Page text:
Factors predicting single-unit predominance after double umbilical cord blood transplantation

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Abstract

Double umbilical cord blood transplantation (dUCBT), developed as a strategy to treat large number of patients with hematologic malignancies, frequently leads to the long-term establishment of a new hematopoietic system maintained by cells derived from a single umbilical cord blood unit. However, predicting which unit will predominate has remained elusive. This retrospective study examined the risk factor associated with unit predominance in 262 patients with hematologic malignancies who underwent dUCBT with subsequent hematopoietic recovery and complete chimerism between 2001 and 2009. Dual chimerism was detected at day 21-28, with subsequent single chimerism in 97% of the cases by day +100 and beyond. Risk factors included nucleated cell dose, CD34+ and CD3+ cell dose, colony-forming units-granulocyte macrophage dose, donor-recipient HLA match, sex and ABO match, order of infusion and cell viability. In the myeloablative setting, CD3+ cell dose was the only factor associated with unit predominance (odds ratio (OR) 4.4, 95% confidence interval (CI) 1.8-10.6; P<0.01), but in the non-myeloablative setting, CD3+ cell dose (OR 2.1, 95%CI 1.0-4.2; P=0.05) and HLA match (OR 3.4, 95%CI 1.0-11.4; P=0.05) were independent factors associated with unit predominance. Taken together, these findings suggest that immune reactivity has a role in unit predominance, and should be considered during graft selection and graft manipulation.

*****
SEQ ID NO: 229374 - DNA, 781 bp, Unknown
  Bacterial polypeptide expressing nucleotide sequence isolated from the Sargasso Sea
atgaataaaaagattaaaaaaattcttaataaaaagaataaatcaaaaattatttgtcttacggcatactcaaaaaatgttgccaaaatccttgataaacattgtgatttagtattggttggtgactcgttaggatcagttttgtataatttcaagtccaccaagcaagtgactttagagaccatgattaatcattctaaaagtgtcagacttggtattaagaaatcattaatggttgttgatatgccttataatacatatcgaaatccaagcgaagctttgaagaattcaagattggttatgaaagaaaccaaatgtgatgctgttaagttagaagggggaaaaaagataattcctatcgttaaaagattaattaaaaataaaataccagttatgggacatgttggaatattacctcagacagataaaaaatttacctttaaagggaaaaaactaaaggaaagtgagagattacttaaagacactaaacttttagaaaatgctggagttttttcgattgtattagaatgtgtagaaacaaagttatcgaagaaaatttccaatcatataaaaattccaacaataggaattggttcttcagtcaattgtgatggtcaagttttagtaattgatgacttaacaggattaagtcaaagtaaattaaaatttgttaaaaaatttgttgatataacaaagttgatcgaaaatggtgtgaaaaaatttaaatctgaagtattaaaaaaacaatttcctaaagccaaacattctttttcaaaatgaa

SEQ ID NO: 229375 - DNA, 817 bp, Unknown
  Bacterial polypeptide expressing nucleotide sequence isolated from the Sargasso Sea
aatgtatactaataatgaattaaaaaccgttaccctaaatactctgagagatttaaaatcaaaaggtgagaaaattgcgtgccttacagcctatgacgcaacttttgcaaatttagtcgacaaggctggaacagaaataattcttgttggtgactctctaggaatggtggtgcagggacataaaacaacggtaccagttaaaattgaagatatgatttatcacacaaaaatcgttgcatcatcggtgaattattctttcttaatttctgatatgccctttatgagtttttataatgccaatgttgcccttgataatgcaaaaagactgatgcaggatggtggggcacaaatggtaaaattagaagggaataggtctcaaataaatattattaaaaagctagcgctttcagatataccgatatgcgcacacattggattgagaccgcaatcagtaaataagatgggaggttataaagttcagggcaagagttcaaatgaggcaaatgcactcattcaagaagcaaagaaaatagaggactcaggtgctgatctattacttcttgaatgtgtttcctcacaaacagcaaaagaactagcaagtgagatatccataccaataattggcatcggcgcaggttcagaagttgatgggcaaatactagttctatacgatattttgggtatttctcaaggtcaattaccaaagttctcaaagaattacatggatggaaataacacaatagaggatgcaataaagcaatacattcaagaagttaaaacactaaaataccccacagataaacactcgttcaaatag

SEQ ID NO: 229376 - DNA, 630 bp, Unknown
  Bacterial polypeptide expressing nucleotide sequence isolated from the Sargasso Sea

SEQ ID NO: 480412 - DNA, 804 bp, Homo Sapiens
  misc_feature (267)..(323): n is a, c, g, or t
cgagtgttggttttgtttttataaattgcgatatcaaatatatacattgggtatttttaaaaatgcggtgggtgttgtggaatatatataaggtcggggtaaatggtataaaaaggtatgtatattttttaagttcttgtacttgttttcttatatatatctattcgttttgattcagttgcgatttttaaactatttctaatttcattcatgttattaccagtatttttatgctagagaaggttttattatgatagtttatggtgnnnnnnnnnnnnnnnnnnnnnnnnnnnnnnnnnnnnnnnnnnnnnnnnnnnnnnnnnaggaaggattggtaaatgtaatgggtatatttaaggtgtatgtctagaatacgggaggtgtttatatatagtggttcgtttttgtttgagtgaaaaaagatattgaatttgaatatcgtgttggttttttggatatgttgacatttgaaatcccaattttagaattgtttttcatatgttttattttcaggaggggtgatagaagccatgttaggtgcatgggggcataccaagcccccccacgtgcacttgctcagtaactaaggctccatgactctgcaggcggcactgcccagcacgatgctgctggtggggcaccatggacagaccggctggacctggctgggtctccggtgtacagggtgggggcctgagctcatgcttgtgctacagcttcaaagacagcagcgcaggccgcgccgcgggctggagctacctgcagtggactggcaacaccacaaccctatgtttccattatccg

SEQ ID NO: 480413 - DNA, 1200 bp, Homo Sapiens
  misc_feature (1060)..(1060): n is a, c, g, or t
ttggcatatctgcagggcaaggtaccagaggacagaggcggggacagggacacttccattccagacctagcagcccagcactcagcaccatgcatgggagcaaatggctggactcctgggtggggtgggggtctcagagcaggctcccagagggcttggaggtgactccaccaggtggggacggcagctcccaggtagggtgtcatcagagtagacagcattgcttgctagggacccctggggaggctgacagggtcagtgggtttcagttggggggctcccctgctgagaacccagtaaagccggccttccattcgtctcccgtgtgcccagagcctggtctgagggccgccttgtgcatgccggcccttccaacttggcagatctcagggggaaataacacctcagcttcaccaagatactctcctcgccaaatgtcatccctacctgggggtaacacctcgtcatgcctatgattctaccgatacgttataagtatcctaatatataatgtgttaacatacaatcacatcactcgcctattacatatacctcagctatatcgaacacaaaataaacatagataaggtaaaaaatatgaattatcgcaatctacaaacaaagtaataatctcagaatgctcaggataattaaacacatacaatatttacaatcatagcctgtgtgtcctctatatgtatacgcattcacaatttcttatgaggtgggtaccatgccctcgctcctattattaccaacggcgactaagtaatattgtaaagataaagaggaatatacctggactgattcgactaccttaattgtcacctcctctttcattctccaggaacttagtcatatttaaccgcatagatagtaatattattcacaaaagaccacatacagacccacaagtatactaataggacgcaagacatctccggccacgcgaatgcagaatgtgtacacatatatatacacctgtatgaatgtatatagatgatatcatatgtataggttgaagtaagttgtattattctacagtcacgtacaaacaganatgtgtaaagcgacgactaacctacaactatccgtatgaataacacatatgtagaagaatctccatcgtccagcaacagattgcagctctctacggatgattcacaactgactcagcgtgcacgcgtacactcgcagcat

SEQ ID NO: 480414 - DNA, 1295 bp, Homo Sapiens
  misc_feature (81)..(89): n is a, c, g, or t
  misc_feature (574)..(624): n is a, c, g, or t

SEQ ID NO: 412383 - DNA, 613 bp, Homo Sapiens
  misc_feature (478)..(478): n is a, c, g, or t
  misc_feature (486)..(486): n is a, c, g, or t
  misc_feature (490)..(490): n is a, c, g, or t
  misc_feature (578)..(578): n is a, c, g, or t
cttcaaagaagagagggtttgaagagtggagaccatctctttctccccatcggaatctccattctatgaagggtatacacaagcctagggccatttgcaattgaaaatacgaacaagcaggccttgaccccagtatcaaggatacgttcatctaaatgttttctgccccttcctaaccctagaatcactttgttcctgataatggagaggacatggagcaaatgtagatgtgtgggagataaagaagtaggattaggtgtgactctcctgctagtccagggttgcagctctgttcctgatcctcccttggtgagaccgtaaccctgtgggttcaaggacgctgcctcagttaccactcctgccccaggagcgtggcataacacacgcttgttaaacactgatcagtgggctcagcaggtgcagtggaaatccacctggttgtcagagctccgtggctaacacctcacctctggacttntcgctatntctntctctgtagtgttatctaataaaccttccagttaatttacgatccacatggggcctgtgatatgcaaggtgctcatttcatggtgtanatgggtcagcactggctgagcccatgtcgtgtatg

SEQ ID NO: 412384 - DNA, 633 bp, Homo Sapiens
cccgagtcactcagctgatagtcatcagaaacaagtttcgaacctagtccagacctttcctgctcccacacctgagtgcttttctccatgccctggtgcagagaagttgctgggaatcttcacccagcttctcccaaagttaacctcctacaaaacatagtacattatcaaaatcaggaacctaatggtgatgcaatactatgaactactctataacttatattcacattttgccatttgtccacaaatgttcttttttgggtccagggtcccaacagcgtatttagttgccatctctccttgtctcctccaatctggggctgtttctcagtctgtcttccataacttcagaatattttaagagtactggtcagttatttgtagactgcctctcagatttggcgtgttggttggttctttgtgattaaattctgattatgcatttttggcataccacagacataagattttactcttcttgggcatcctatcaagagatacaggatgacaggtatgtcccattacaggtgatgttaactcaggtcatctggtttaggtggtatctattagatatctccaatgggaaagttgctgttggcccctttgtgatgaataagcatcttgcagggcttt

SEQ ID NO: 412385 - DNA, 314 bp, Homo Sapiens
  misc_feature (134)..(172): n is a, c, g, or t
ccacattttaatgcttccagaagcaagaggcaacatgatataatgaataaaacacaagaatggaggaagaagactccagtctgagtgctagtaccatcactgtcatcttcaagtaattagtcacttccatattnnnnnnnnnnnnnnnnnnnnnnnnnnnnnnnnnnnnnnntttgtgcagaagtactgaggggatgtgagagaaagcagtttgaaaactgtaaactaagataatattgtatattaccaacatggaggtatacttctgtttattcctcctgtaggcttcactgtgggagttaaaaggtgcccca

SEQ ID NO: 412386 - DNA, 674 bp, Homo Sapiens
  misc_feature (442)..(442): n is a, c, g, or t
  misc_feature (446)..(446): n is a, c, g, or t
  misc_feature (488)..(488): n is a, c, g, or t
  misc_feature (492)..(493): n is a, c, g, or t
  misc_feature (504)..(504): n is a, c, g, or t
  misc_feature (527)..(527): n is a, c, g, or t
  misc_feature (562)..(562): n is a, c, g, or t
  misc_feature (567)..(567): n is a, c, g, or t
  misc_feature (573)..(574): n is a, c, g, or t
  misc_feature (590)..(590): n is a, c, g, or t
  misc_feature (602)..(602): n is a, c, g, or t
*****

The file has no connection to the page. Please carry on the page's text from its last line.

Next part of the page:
Original languageEnglish (US)
Pages (from-to)799-803
Number of pages5
JournalBone marrow transplantation
Volume47
Issue number6
DOIs
StatePublished - Jun 2012

Bibliographical note

Funding Information:
We thank Michael J Franklin (The University of Minnesota) for editing the manuscript. This work was supported in part by grants from the National Cancer Institute CA65493 (CGB, TED, BRB, JSM, PBM and JEW) and CA77598 (TED), Children’s Cancer Research Fund (JEW, TED and MRV), Universidad Católica de Chile (PR), American Cancer Society Audrey Meyer Mars International Fellowship in Clinical Oncology (PR), American Society of Blood and Marrow Transplantation Robert A. Good New Investigator Award (CGB), and the Leukemia and Lymphoma Society Scholar in Clinical Research Award (CGB).

Keywords

  • double umbilical cord blood
  • myeloablative
  • nonmyeloablative
  • transplantation

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